Local PTAS for Independent Set and Vertex Cover in Location Aware Unit Disk Graphs
 In Proceedings of the 4th IEEE/ACM International Conference on Distributed Computing in Sensor Systems (DCOSS
, 2008
"... Abstract. We present the first local approximation schemes for maximum independent set and minimum vertex cover in unit disk graphs. In the graph model we assume that each node knows its geographic coordinates in the plane (location aware nodes). Our algorithms are local in the sense that the status ..."
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Cited by 8 (1 self)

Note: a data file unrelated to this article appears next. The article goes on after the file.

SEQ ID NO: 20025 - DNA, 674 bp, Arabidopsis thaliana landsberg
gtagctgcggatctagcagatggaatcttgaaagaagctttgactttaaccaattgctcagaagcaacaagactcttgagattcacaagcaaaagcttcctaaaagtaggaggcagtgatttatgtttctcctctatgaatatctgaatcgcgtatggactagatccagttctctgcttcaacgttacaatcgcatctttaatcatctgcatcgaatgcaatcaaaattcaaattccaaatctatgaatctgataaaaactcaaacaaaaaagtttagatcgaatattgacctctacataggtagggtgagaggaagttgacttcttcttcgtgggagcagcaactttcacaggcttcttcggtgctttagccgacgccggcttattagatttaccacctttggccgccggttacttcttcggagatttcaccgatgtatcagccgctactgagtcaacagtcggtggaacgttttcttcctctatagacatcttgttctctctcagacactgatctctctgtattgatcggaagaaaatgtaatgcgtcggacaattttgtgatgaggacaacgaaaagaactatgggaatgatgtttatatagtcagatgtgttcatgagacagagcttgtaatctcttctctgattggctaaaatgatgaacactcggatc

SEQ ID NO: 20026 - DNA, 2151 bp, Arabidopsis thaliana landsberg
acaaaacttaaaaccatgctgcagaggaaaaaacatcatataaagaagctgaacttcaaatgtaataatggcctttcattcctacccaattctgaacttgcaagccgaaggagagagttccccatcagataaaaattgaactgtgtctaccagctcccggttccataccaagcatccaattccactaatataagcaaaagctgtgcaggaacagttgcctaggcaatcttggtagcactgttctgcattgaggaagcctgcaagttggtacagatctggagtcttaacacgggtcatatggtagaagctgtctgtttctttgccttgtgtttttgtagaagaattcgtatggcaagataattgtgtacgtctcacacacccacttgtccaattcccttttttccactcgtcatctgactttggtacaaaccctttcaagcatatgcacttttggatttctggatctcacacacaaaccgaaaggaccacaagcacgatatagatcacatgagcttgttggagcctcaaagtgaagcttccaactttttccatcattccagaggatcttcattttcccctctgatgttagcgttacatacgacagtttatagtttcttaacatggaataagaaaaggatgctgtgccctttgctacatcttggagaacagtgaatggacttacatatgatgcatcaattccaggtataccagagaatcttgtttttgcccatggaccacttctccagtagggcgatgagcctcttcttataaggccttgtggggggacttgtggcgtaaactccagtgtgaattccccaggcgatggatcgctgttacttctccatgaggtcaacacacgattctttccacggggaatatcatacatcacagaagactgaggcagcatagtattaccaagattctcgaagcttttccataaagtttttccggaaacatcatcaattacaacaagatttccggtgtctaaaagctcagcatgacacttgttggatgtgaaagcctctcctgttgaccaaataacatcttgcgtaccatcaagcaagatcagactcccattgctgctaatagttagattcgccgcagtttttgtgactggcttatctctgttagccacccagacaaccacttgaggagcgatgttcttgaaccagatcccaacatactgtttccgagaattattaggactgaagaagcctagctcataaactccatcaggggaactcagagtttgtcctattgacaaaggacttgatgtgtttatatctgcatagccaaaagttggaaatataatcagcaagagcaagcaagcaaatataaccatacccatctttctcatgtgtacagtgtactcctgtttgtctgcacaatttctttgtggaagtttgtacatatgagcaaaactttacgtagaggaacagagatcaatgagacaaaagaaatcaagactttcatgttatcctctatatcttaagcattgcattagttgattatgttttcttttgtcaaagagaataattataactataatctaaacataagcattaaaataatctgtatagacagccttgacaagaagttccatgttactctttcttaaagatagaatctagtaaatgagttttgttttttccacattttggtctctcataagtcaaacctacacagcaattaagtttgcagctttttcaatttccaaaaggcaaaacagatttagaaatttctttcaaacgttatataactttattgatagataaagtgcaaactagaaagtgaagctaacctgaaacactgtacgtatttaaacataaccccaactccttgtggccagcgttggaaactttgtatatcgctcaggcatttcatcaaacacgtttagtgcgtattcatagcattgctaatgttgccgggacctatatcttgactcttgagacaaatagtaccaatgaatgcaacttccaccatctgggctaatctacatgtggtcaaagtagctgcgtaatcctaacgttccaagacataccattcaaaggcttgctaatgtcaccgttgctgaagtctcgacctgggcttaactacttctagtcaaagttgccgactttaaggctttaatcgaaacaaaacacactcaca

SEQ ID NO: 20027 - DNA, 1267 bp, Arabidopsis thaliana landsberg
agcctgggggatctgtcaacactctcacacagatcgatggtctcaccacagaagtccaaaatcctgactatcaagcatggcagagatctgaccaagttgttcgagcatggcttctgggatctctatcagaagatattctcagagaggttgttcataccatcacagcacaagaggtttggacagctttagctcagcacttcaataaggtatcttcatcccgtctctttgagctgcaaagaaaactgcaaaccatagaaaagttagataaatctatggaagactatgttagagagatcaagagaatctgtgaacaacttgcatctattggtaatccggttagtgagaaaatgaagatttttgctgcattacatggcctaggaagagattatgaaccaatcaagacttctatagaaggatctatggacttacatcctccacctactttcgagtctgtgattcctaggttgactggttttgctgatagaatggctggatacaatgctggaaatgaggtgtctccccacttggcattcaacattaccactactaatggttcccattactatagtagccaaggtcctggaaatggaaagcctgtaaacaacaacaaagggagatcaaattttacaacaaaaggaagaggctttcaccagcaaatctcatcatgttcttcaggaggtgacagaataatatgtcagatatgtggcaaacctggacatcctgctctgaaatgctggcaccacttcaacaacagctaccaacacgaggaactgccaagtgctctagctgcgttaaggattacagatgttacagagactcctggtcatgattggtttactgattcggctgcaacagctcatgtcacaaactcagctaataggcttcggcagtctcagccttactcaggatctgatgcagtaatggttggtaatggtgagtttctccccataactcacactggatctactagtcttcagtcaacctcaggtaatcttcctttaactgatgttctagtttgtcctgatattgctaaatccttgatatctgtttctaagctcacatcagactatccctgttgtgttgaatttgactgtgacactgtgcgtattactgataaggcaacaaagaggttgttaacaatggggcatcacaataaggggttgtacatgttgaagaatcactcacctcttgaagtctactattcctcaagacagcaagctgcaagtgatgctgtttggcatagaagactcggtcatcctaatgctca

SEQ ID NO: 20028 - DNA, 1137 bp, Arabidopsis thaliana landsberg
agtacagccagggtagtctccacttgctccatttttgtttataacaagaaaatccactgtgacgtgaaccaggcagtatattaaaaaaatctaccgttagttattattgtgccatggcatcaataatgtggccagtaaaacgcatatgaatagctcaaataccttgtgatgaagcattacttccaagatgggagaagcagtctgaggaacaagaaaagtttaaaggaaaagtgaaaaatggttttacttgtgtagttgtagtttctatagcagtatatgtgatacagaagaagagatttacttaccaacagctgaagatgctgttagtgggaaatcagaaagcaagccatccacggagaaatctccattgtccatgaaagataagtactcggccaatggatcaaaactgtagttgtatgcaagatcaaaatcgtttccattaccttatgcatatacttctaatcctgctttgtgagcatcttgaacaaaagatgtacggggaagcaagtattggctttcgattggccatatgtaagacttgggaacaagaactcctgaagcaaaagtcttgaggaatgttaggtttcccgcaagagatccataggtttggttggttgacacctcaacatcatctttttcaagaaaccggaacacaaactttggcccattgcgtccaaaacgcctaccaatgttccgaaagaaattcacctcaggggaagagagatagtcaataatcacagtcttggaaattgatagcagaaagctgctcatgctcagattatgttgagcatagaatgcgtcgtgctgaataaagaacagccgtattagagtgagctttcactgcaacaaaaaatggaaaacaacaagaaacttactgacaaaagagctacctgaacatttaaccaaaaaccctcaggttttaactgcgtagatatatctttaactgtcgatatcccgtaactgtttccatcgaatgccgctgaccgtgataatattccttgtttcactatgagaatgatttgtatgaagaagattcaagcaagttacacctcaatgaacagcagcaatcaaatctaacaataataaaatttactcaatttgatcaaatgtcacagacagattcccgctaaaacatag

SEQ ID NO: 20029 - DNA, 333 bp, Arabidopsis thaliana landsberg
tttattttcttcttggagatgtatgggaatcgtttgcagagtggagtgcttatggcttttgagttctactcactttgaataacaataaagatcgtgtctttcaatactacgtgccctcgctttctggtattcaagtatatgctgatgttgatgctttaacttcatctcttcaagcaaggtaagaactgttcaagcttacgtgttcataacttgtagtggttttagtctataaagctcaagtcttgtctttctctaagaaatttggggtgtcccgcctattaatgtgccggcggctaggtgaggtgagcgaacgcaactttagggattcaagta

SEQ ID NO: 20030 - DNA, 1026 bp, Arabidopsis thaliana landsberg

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Abstract. We present the first local approximation schemes for maximum independent set and minimum vertex cover in unit disk graphs. In the graph model we assume that each node knows its geographic coordinates in the plane (location aware nodes). Our algorithms are local in the sense that the status of each node v (whether or not v is in the computed set) depends only on the vertices which are a constant number of hops away from v. This constant is independent of the size of the network. We give upper bounds for the constant depending on the desired approximation ratio. We show that the processing time which is necessary in order to compute the status of a single vertex is bounded by a polynomial in the number of vertices which are at most a constant number of vertices away from it. Our algorithms give the best possible approximation ratios for this setting. The technique which we use to obtain the algorithm for vertex cover can also be employed for constructing the first global PTAS for this problem in unit disk graph which does not need the embedding of the graph as part of the input. 1.